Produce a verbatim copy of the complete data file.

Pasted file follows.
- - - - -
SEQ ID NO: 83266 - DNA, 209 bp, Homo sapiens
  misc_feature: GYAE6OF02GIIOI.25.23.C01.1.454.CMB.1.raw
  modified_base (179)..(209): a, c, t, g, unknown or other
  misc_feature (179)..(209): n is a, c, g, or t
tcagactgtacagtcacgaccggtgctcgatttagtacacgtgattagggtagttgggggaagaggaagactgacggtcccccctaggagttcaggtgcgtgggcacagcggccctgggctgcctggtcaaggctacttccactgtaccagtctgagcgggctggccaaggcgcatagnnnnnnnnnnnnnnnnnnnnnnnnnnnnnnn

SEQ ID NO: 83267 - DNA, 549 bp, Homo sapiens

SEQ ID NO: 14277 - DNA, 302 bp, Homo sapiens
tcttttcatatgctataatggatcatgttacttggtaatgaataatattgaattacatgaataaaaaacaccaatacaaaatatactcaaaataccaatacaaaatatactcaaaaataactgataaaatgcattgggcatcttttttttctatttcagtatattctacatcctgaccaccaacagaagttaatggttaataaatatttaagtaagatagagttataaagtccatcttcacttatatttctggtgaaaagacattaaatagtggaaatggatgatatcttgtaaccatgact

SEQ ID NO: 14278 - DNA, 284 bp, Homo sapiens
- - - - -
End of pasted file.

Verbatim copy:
SEQ ID NO: 83266 - DNA, 209 bp, Homo sapiens
  misc_feature: GYAE6OF02GIIOI.25.23.C01.1.454.CMB.1.raw
  modified_base (179)..(209): a, c, t, g, unknown or other
  misc_feature (179)..(209): n is a, c, g, or t
tcagactgtacagtcacgaccggtgctcgatttagtacacgtgattagggtagttgggggaagaggaagactgacggtcccccctaggagttcaggtgcgtgggcacagcggccctgggctgcctggtcaaggctacttccactgtaccagtctgagcgggctggccaaggcgcatagnnnnnnnnnnnnnnnnnnnnnnnnnnnnnnn

SEQ ID NO: 83267 - DNA, 549 bp, Homo sapiens

SEQ ID NO: 14277 - DNA, 302 bp, Homo sapiens
tcttttcatatgctataatggatcatgttacttggtaatgaataatattgaattacatgaataaaaaacaccaatacaaaatatactcaaaataccaatacaaaatatactcaaaaataactgataaaatgcattgggcatcttttttttctatttcagtatattctacatcctgaccaccaacagaagttaatggttaataaatatttaagtaagatagagttataaagtccatcttcacttatatttctggtgaaaagacattaaatagtggaaatggatgatatcttgtaaccatgact

SEQ ID NO: 14278 - DNA, 284 bp, Homo sapiens